My New Year’s Experience 

“I’m very glad I had the chance to experience the winter holidays here in Japan,
it’s a memory I will cherish for years to come.” 

Linn Kullberg
Dept. of Cancer Biology

When leaving Sweden, I looked forward to experiencing a lot of new things, and holiday celebrations were no exception. This was the first time I had a Christmas dinner consisting of German potato patties, Cuban pudding, Japanese “udon” soup and strawberry cake, and I loved all of it.

Being far away from my home and loved ones during the holidays for the first time was actually easier than I thought it would be. Firstly, keeping in touch with my loved ones through Skype and letters has been very helpful. Secondly, I’ve come to realise that being a Swede means never really being far from home.

When the feelings of homesickness come creeping, just go to IKEA! That’s what I did a few days before Christmas, to stock up on some traditional Swedish Christmas foods. Of course, food from IKEA can’t really compare to the traditional “julbord” (Christmas meal) lovingly prepared by my grandma. Even so, sharing some meatballs, gingerbread and “glögg” (Swedish mulled wine) with my friends really made me feel at home.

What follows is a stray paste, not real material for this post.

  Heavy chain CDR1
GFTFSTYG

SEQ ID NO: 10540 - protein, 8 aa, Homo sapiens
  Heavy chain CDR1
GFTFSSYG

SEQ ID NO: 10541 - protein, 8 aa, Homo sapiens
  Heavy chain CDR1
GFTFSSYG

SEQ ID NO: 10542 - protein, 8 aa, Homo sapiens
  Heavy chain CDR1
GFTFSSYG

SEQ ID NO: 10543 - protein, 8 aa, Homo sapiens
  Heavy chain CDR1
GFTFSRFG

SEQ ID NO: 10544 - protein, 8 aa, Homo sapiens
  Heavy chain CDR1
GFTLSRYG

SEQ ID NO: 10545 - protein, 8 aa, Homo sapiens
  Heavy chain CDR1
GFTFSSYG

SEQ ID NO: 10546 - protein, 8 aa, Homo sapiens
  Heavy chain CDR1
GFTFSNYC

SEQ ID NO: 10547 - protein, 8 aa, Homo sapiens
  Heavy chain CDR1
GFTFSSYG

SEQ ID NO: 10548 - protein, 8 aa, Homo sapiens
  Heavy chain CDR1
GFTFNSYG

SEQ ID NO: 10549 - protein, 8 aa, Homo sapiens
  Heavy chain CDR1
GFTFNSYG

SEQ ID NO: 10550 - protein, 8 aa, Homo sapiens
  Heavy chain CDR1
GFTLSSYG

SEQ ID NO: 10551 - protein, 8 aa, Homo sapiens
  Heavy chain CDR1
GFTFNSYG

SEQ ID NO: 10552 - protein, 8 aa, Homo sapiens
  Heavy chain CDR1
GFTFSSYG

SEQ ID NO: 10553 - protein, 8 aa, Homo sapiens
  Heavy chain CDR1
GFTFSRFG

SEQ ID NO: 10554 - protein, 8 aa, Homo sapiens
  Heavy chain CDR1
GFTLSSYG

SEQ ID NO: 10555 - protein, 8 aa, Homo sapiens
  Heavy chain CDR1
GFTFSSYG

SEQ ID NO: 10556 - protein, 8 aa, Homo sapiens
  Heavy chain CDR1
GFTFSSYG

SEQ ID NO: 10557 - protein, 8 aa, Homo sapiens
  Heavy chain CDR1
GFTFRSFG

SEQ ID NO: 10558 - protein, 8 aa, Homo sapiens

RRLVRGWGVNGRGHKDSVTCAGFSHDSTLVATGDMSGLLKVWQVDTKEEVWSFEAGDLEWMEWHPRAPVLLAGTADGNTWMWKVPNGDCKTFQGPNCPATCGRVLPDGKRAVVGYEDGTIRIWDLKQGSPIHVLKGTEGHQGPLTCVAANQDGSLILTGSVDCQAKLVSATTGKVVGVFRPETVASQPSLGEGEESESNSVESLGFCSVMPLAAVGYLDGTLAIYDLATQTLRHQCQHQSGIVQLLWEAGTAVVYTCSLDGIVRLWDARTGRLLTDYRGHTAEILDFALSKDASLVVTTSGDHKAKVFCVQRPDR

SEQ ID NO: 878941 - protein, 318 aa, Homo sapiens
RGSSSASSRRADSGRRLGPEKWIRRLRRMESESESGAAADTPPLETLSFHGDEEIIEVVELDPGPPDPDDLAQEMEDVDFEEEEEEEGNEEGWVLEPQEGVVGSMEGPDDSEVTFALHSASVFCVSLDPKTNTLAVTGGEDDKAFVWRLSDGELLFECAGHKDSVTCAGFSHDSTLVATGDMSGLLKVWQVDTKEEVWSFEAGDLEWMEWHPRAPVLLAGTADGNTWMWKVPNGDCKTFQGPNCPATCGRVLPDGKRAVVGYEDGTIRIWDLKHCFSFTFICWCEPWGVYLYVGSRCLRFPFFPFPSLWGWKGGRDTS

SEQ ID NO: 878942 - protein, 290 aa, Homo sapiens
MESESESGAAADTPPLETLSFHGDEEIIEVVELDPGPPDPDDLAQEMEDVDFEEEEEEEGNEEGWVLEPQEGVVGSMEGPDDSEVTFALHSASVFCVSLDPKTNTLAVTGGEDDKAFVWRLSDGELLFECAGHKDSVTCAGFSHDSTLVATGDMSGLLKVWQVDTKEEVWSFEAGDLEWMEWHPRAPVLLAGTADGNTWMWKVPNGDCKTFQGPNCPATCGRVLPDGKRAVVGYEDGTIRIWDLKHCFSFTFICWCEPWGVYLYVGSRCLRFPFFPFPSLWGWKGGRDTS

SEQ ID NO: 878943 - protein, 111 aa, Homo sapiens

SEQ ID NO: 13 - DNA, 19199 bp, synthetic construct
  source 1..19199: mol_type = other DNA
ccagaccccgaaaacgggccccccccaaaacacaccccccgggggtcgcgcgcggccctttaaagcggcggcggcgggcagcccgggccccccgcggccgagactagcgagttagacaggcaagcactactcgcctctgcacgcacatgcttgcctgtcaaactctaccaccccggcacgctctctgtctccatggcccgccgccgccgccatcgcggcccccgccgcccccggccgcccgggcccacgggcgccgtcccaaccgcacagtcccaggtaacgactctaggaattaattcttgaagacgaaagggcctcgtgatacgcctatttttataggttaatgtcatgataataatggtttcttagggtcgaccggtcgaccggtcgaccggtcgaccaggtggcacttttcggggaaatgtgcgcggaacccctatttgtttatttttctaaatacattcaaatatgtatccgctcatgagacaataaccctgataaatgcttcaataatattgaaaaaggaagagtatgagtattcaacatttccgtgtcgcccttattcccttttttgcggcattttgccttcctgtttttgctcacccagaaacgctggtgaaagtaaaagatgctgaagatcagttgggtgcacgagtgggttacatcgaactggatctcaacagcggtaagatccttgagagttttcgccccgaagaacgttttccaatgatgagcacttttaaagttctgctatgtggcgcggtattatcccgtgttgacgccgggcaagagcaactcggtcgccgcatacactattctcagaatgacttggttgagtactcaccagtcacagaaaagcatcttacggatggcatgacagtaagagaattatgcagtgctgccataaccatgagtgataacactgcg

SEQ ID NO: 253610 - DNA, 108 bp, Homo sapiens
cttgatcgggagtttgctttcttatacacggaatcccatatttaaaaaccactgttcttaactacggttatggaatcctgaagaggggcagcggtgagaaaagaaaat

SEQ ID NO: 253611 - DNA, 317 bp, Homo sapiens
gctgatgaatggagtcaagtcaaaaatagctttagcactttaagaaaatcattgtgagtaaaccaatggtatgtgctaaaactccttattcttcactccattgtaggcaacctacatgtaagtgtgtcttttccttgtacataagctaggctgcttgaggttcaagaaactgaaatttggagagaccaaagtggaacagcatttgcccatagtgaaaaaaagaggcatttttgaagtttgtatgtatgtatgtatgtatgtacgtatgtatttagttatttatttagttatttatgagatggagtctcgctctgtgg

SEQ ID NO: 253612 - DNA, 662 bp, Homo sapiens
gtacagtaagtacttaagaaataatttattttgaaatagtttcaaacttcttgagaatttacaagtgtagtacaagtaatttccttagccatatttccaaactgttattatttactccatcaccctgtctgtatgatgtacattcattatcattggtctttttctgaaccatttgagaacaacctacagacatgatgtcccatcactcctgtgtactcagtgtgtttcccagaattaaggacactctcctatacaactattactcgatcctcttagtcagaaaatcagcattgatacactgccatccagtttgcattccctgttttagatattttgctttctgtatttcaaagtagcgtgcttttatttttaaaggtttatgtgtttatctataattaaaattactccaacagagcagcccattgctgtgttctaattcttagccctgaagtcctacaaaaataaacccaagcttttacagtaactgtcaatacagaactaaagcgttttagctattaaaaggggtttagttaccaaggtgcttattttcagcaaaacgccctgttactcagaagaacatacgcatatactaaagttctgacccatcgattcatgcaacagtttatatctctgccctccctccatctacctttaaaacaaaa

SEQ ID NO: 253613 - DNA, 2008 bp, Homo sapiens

However, I needed to fill the days between Christmas and New Years – when I would usually be relaxing with my family, having tea with friends and visiting my relatives – with activity to keep the homesickness at bay. My friends and I went to Tokyo, where we spent a few wonderfully sunny days at the Sky Tree, Asakusa, Shibuya and the port of Yokohama. Doing our best to experience as much of Tokyo as possible in just three days left us overwhelmed and tired, but happy. After this trip, we were ready for a simple New Year’s celebration back home in Sendai.